KYPARISSOS (or Cyparissus) was a handsome youth from the island of Keos (Ceos) loved by the god Apollon. He died of grief after accidentally killing his beloved pet stag and was turned into a cypress tree.
TELEPHOS (Servius on Virgil's Aeneid 3.64)
CYPARISSUS (Kuparissos), a youth of Cea, a son of Telephus, was beloved by Apollo and Zephyrus or Silvanus. When he had inadvertently killed his favourite stag, he was seized with immoderate grief, and metamorphosed into a cypress. (Ov. Met. x. 120, &c.; Serv. ad Aen. iii. 64, 680, Eclog. x. 26, Georg. i. 20.)
Source: Dictionary of Greek and Roman Biography and Mythology.
Ovid, Metamorphoses 10. 106 ff (trans. Melville) (Roman epic C1st B.C. to C1st A.D.) :
"In all the throng the cone-shaped cypress stood; a tree now, it was changed from a dear youth loved by the god who strings the lyre and bow [i.e. Apollon]. For there was at one time, a mighty stag held sacred by those nymphs who haunt the fields Carthaean [i.e. on the island of Keos]. His great antlers spread so wide, they gave an ample shade to his own head. Those antlers shone with gold: from his smooth throat a necklace, studded with a wealth of gems, hung down to his strong shoulders--beautiful. A silver boss, fastened with little thongs, played on his forehead, worn there from his birth; and pendants from both ears, of gleaming pearls, adorned his hollow temples. Free of fear, and now no longer shy, frequenting homes of men he knew, he offered his soft neck even to strangers for their petting hands. But more than by all others, he was loved by you, O Cyparissus, fairest youth of all the lads of Cea. It was you who led the pet stag to fresh pasturage, and to the waters of the clearest spring. Sometimes you wove bright garlands for his horns, and sometimes, like a horseman on his back, now here now there, you guided his soft mouth with purple reins.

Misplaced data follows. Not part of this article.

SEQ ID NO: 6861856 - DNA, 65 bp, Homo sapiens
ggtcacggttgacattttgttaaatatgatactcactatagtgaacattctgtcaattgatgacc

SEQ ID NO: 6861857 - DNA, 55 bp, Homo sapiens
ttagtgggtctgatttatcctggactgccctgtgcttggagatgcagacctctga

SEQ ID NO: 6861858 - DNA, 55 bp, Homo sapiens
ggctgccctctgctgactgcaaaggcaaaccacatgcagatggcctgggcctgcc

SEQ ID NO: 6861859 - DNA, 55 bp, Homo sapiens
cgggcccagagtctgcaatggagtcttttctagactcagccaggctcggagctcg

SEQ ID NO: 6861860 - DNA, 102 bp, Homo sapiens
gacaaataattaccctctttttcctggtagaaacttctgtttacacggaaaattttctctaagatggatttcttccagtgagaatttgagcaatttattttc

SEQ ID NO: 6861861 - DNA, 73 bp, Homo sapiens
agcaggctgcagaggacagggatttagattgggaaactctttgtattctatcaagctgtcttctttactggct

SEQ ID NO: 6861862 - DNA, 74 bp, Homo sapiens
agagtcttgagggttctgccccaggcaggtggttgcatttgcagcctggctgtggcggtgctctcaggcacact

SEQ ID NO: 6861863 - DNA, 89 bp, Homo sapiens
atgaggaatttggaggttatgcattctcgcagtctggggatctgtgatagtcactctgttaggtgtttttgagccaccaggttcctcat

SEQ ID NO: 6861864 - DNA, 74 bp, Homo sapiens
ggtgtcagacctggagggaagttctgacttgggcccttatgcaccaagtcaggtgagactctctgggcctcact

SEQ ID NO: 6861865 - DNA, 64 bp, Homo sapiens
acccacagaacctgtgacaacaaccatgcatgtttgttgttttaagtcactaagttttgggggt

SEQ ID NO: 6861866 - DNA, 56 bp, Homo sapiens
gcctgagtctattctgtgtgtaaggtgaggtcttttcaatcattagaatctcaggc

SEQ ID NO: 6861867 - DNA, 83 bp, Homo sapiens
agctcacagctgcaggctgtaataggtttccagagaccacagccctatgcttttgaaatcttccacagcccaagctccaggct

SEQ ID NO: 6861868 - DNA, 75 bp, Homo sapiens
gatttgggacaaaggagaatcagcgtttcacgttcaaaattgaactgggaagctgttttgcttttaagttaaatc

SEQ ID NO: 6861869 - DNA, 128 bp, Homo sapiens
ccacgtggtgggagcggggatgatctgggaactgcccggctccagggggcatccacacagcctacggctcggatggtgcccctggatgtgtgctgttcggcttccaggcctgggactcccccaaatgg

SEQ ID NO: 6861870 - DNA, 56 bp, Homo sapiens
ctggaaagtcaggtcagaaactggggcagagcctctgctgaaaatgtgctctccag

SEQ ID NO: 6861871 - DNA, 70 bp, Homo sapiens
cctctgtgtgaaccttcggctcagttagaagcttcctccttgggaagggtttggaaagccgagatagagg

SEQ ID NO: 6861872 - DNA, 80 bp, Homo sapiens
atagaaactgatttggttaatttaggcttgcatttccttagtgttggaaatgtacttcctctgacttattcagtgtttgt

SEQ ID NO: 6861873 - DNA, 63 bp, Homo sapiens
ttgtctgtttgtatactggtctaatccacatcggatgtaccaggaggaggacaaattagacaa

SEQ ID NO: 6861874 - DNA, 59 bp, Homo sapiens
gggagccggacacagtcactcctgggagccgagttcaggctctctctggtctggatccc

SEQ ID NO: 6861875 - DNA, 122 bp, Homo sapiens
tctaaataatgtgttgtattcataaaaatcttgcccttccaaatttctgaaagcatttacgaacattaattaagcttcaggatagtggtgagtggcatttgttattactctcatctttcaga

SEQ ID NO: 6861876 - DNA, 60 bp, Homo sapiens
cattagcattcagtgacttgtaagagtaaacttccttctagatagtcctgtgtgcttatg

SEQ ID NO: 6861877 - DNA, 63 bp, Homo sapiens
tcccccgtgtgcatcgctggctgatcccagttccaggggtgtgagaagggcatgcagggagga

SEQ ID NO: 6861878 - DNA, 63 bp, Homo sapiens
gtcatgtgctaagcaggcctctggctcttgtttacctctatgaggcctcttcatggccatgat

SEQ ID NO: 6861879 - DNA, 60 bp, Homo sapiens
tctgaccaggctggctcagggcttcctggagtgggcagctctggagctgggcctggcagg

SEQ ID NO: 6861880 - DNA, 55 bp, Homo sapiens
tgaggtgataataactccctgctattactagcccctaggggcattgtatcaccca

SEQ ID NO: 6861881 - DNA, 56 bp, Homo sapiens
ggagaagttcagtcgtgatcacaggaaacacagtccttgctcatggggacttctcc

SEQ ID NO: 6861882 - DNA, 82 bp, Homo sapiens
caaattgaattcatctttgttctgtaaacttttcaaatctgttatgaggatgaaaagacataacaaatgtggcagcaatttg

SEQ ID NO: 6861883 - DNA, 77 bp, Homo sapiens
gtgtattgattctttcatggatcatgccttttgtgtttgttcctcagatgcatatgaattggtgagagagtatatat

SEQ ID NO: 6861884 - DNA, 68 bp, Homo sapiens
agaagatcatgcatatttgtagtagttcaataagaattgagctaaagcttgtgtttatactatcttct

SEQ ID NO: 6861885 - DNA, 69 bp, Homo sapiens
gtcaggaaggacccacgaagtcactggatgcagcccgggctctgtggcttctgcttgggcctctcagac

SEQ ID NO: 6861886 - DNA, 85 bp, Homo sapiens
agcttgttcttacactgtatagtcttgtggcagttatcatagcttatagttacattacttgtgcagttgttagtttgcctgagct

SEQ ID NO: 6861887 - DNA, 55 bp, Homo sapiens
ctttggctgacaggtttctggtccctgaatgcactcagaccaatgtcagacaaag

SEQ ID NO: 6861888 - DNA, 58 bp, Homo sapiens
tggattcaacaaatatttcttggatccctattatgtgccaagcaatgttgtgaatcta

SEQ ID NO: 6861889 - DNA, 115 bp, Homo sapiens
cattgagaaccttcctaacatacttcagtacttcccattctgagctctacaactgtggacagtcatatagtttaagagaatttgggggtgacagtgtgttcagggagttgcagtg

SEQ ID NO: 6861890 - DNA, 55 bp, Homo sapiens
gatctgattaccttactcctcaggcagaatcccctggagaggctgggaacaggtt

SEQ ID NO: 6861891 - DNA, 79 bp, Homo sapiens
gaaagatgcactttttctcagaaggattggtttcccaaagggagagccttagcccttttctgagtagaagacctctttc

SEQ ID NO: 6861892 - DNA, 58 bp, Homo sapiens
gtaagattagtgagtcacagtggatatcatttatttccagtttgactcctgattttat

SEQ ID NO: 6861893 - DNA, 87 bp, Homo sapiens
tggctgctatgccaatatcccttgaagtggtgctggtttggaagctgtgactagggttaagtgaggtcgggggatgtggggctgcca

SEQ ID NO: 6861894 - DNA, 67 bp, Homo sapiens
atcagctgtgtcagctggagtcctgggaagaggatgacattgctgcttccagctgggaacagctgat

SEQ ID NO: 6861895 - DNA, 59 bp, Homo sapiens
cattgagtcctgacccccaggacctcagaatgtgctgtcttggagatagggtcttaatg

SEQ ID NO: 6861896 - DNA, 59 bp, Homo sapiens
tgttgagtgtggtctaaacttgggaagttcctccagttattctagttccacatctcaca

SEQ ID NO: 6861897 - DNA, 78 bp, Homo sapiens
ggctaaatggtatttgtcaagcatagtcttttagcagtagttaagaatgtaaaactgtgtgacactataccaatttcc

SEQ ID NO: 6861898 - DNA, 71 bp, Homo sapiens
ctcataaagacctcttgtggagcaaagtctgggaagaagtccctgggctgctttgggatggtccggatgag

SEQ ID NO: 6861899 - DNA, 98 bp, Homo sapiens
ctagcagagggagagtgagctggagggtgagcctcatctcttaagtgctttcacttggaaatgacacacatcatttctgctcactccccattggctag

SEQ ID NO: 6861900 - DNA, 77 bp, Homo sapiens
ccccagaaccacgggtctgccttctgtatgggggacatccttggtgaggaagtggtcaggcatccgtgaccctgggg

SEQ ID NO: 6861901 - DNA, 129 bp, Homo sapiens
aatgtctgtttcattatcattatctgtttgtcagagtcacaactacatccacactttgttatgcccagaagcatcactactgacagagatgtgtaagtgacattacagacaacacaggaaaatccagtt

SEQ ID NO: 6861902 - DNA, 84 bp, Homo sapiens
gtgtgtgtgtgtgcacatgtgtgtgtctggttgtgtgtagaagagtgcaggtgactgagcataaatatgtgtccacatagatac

It was upon a summer day, at high noon when the [summertime constellation] Crab, of spreading claws, loving the sea-shore, almost burnt beneath the sun's hot burning rays; and the pet stag was then reclining on the grassy earth and, wearied of all action, found relief under the cool shade of the forest trees; that as he lay there Cyparissus pierced him with a javelin: and although it was quite accidental, when the shocked youth saw his loved stag dying from the cruel wound he could not bear it, and resolved on death. What did not Phoebus say to comfort him? He cautioned him to hold his grief in check, consistent with the cause. But still the lad lamented, and with groans implored the Gods that he might mourn forever. His life force exhausted by long weeping, now his limbs began to take a green tint, and his hair, which overhung his snow-white brow, turned up into a bristling crest; and he became a stiff tree with a slender top and pointed up to the starry heavens. And the God, groaning with sorrow, said; ‘You shall be mourned sincerely by me, surely as you mourn for others, and forever you shall stand in grief, where others grieve.’”
Nonnus, Dionysiaca 11. 362 ff (trans. Rouse) (Greek epic C5th A.D.) :
"A young Lakonian [i.e. Hyakinthos] shook Zephyros (the West Wind); but he died, and the amorous Wind found young Kyparissos (Cyparissus) a consolation for Amyklaian Hyakinthos (Amyclaean Hyacinthus)."
- Ovid, Metamorphoses - Latin Epic C1st B.C. - C1st A.D.
- Nonnos, Dionysiaca - Greek Epic C5th A.D.
Other references not currently quoted here : Servius on Virgil's Aeneid, Eclogues & Georgics